Vasily Kandinsky left Germany in 1933, when the Nazis came to power. The ideologists of fascism sharply condemned the new trends in painting, the “degenerate art” was persecuted, the pictures were destroyed and forbidden to exhibit.
Kandinsky emigrated to France, where he lived until the end of his days. In Paris, he worked fruitfully, creating inexplicably harmonious canvases. The works of that period were marked by a light palette, the lines and shapes became softer.
Even in the years of work in the famous Bauhaus, Kandinsky showed interest in botany and zoology, he painted tiny creatures and taught his students.
We see traces of this enthusiasm in the picture “Dominant curve”, in the upper right corner a schematic pinkish embryo floats, figures in a green rectangle resemble microscopic marine animals, and organic figures soar above the celestial blue region.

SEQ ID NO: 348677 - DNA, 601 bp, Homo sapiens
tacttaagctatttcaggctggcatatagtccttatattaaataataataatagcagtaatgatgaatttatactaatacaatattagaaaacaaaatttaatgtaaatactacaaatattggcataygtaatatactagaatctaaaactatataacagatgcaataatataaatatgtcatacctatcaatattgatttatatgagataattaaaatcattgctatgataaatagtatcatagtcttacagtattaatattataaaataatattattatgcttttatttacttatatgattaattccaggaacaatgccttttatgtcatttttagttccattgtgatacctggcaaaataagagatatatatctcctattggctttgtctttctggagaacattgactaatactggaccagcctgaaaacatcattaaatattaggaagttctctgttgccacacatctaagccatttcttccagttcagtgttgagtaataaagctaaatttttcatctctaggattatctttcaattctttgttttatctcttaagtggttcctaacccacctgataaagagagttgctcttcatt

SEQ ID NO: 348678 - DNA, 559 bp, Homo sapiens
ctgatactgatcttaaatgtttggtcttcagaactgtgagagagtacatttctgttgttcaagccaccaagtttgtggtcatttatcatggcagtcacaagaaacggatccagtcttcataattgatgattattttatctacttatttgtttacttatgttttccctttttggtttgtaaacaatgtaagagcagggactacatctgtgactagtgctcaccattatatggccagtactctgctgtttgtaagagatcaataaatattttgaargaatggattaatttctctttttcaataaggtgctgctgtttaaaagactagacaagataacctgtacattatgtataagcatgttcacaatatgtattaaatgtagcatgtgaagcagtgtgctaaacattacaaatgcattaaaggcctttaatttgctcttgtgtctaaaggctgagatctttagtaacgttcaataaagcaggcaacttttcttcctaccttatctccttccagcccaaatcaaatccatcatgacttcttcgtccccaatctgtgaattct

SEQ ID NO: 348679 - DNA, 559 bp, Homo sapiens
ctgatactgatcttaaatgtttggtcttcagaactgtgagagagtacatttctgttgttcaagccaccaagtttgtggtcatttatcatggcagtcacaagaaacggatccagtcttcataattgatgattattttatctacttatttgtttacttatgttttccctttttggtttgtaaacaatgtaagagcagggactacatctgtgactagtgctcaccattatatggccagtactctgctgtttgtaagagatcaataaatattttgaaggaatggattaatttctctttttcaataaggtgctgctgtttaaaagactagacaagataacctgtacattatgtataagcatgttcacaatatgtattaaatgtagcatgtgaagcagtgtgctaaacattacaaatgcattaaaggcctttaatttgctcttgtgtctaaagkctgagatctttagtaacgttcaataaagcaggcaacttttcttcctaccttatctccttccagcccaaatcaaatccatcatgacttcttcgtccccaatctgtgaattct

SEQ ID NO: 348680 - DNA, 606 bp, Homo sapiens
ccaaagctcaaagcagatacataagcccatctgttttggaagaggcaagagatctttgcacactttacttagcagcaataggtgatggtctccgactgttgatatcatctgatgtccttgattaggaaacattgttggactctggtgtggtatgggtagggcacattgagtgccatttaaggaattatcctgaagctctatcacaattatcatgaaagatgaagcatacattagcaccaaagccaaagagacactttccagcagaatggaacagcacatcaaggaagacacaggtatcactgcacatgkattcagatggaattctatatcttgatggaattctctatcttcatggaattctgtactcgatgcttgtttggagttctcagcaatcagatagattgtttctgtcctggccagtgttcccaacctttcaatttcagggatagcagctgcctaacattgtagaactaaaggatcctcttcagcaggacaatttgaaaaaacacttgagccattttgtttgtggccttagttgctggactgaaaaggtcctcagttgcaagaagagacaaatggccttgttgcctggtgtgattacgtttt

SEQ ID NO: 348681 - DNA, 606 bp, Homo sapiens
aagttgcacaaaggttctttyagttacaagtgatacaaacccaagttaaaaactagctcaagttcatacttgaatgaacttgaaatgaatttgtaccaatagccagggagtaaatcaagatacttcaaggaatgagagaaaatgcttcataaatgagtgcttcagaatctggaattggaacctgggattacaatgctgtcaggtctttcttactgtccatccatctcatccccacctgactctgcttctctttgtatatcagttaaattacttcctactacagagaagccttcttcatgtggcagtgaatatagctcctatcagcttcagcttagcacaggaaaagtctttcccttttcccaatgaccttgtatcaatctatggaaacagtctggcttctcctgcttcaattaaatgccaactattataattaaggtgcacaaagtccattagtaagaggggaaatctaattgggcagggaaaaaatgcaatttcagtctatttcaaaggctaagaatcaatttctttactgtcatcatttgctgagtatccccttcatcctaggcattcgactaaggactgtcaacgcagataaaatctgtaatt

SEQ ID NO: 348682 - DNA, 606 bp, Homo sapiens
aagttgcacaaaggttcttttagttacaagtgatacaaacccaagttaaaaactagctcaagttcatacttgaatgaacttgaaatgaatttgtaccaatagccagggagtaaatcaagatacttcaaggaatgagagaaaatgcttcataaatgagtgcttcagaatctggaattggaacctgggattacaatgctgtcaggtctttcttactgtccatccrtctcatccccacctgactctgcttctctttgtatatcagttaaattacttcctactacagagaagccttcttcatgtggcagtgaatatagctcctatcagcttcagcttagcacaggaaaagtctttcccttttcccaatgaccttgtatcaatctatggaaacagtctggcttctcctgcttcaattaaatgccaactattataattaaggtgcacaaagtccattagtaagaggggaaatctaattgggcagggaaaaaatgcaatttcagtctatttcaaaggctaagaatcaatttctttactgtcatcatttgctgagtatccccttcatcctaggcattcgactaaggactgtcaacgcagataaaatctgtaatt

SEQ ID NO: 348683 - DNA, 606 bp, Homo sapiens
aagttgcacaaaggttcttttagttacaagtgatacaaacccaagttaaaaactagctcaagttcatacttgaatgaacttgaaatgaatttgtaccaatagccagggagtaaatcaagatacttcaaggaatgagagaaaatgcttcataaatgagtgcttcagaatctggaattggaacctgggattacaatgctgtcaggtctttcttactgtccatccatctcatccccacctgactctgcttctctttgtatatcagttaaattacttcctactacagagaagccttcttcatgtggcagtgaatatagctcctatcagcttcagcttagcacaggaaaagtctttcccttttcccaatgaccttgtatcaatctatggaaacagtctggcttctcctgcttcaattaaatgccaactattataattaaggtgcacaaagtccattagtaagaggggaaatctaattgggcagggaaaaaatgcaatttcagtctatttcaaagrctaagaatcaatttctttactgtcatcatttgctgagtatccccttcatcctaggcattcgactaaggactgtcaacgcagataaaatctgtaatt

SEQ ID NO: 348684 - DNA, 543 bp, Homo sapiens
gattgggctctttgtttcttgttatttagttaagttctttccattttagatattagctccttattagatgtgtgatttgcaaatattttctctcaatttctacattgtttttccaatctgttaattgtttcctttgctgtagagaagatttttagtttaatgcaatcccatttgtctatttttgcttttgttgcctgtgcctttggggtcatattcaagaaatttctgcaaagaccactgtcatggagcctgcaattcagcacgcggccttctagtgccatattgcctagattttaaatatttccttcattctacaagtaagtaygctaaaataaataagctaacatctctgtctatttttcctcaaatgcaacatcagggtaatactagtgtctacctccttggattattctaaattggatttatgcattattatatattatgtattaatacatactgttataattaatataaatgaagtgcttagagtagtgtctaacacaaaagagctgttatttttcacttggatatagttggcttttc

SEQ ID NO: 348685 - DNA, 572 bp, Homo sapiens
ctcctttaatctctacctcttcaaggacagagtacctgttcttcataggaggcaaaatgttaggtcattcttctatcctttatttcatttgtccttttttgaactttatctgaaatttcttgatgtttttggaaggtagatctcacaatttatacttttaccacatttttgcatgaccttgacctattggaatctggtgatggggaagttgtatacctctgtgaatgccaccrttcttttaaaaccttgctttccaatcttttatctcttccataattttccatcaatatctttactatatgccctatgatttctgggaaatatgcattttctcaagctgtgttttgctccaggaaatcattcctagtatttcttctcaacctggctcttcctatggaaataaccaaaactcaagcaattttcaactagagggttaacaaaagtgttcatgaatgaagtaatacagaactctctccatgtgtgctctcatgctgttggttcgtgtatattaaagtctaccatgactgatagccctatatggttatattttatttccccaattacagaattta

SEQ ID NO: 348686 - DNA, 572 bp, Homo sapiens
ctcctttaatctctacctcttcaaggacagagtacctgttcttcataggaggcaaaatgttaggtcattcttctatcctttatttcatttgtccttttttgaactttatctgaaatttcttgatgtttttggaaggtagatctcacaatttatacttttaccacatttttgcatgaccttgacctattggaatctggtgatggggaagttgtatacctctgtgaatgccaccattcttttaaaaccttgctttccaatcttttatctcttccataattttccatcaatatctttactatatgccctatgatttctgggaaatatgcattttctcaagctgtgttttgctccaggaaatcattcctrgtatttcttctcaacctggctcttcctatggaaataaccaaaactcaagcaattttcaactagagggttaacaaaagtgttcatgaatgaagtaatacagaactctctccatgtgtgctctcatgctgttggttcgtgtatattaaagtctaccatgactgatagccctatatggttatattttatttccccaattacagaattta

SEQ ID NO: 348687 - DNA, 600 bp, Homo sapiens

These floating, biomorphic images, often presented in pastel colors, can be seen as signs of Kandinsky’s optimistic vision of a peaceful future and hopes for a revival of the post-war period. Kandinsky did not live to see the end of the Second World War, but his intuition of the artist prompted that evil can not rule forever, other times will come, life will be reborn…